Such was the comment I made here in comment #60 about split pea soup.
I suppose there is good split pea soup made in this world. I know some people love it. But for me, it is something I cannot abide. And why is this so you may be asking? Actually, you're likely not asking and don't care one way or the other. But I will tell you anyway.
It all goes back to a hazy childhood memory. I don't even know what year it took place, but I'm guessing it was sometime around 1969 or 1970. The Timmermann family, Dad, Mom, and four sons, were on a weekend drive up the California coast.
One of the stops was in Buellton, California, which is now much more famous for its appearance in the film "Sideways", but at this time it was just a place on the way to the more famous Solvang.
Buellton's principal claim to fame in this era was one thing: split pea soup. In particular, Pea Soup Andersen's, a restaurant that actually specializes in serving split pea soup.
My parents must have really wanted some this soup and they dragged all four of their sons, who likely ranged in age from 4 to 10, and wanted them all to partake in the gustatory glory of split pea soup. But they didn't count on one thing: none of us had seen split pea soup before. Once my brothers and I saw what it looked like, we apparently decided, in a show of solidarity, to refuse to eat any. We insisted on eating off of the children's menu, which at the time consisted of a peanut butter and jelly sandwich. Here's a dessert menu from sometime in the 1970s.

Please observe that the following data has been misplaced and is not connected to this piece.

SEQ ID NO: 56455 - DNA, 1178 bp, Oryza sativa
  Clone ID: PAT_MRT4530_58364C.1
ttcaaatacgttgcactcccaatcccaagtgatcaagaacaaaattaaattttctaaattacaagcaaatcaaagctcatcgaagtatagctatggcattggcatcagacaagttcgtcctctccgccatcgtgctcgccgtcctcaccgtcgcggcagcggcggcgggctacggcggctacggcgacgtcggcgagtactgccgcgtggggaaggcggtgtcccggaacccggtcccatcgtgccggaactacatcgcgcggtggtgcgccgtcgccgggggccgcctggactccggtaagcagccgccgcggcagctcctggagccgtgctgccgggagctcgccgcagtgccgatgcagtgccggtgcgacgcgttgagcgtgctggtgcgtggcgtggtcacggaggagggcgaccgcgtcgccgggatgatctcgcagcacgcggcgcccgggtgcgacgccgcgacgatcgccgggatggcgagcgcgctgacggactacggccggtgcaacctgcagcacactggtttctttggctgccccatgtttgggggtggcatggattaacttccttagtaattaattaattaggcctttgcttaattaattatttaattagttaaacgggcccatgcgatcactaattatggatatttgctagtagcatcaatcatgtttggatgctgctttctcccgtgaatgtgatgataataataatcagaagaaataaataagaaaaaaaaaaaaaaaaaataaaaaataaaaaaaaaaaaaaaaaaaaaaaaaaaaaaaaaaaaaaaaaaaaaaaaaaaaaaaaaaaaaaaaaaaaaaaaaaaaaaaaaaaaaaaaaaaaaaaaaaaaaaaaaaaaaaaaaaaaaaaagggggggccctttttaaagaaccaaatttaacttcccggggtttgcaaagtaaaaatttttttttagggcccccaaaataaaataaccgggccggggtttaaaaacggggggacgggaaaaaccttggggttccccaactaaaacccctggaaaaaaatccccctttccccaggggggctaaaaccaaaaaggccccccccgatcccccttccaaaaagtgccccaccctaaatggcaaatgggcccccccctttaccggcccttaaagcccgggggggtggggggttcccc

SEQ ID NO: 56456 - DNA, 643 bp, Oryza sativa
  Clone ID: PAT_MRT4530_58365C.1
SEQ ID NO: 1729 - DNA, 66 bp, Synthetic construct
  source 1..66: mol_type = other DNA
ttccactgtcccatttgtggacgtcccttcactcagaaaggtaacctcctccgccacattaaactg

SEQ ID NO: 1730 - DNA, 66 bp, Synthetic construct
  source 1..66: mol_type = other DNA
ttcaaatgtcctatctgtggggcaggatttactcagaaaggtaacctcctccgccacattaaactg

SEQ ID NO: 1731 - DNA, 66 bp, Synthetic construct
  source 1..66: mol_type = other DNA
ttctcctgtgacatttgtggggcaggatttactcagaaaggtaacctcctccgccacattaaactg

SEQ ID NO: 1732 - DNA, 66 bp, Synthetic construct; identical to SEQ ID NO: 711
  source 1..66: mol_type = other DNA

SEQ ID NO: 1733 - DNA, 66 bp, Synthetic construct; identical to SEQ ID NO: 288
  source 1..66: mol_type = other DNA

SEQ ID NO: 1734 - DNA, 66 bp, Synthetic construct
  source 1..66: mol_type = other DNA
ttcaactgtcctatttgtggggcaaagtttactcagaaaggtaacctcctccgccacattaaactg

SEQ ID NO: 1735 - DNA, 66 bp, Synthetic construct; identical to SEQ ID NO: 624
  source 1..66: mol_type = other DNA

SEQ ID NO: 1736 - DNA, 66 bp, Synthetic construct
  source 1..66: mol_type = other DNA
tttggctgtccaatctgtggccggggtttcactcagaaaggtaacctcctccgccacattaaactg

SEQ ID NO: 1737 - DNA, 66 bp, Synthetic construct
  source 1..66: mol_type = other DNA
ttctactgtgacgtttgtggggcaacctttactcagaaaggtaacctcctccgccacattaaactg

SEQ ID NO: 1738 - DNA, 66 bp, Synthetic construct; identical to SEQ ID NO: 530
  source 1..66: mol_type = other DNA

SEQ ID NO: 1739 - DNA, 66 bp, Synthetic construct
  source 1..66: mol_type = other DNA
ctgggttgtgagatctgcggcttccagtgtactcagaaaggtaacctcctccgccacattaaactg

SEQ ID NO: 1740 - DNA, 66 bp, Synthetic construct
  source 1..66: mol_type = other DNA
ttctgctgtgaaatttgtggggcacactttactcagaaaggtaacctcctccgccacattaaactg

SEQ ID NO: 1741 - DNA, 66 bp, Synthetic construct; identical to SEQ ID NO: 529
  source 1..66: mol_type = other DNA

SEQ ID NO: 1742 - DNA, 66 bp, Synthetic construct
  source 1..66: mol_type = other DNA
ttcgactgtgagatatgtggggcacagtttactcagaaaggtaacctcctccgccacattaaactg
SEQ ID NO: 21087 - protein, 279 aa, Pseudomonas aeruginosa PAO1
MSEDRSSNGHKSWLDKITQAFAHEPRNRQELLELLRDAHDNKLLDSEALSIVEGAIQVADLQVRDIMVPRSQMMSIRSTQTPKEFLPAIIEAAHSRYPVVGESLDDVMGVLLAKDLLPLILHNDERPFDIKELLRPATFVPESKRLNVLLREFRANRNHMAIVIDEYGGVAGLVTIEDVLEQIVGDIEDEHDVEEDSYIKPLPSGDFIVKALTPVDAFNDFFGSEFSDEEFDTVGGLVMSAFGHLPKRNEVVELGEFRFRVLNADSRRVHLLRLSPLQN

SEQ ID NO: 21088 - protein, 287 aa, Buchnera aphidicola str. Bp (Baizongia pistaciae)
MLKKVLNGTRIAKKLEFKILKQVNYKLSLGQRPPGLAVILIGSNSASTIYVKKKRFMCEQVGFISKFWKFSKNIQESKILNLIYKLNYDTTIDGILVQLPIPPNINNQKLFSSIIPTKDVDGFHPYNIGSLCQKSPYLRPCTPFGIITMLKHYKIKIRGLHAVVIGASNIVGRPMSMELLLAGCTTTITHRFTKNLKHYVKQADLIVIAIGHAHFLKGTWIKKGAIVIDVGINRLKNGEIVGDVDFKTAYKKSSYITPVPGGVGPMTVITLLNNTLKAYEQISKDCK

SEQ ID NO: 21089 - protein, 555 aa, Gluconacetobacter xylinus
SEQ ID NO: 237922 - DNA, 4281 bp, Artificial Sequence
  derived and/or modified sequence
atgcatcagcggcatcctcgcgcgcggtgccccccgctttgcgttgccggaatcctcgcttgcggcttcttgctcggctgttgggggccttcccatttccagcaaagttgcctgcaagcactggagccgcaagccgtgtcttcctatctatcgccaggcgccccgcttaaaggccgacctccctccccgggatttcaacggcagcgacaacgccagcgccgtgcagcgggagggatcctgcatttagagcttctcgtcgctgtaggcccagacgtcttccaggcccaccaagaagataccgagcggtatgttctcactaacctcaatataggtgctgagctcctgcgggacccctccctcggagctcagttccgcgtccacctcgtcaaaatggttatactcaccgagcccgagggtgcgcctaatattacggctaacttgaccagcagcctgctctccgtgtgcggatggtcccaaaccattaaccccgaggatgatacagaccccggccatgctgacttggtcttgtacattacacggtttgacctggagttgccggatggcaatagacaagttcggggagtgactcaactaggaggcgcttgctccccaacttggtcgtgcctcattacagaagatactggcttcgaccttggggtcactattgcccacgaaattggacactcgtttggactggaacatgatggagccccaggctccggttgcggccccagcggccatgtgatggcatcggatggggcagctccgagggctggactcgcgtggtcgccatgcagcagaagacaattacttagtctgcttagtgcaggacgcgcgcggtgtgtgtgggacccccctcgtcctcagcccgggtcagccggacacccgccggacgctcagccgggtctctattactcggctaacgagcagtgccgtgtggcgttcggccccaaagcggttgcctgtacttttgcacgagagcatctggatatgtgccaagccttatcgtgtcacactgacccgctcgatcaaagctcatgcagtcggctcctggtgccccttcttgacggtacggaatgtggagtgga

Just why my parents thought their sons would, sight unseen, ride in a car for two hours and then get subjected to the green horror of pea soup, is still mind boggling. But what also surprised is how upset my mother was over the fact that we wouldn't eat the pea soup and how expensive the PB&J sandwiches were. I can't remember the exact price, but they were likely over $1 each. Throughout the years, the prices of the PB&Js were adjusted for inflation in my mother's retelling of the story about the trip to Buellton. Eventually, the sandwiches were served on solid gold plates and cost $50 each.
I actually ate split pea soup once when my grandmother (who lived with us and was the regular cook) made it at our home. I recall it as being one of the longest dinners of my life. A bowl of smelly green slop was tossed in front of me and I was told that my options were: 1) to eat it or 2) reconsider option 1 carefully. I was around 10 at the time and I believe that the moaning and wailing that I made as well as those made by my brothers put the kibosh on any future split pea soup dinners.
For all I know, if you like split pea soup, my grandmother might have made great split pea soup as she was a very good cook. But to this day, I associate split pea soup with a rare time that my mom tried to play hardball to get me to eat something. And also trying to make us feel bad about making them spend money. It was quite unusual on their part.
Now we can fast forward to early in 1993 and I'm with my parents at the Pasadena location of California Pizza Kitchen. My mom gets her order and realizes that it comes with whole slices of tomato on it. She peels them off and tosses them aside. I asked her if she had trouble eating them as she was suffering from colon cancer at the time.
She said, "No, I hate cold tomatoes."
"But you always made me eat them."
"You grew tomatoes in the backyard."
"And you told me to eat the tomatoes."
"And it took you this long to realize that I was bluffing?"
Despite these clever mind games, I will still not split pea soup. And one day, I hope that Hap-pea finally hits Pea-Wee on the hand with his mallet.
Thanks for indulging this disgression from the usual offerings of obituaries and updates on whether or not Barry Bonds is ever going to sign his contract.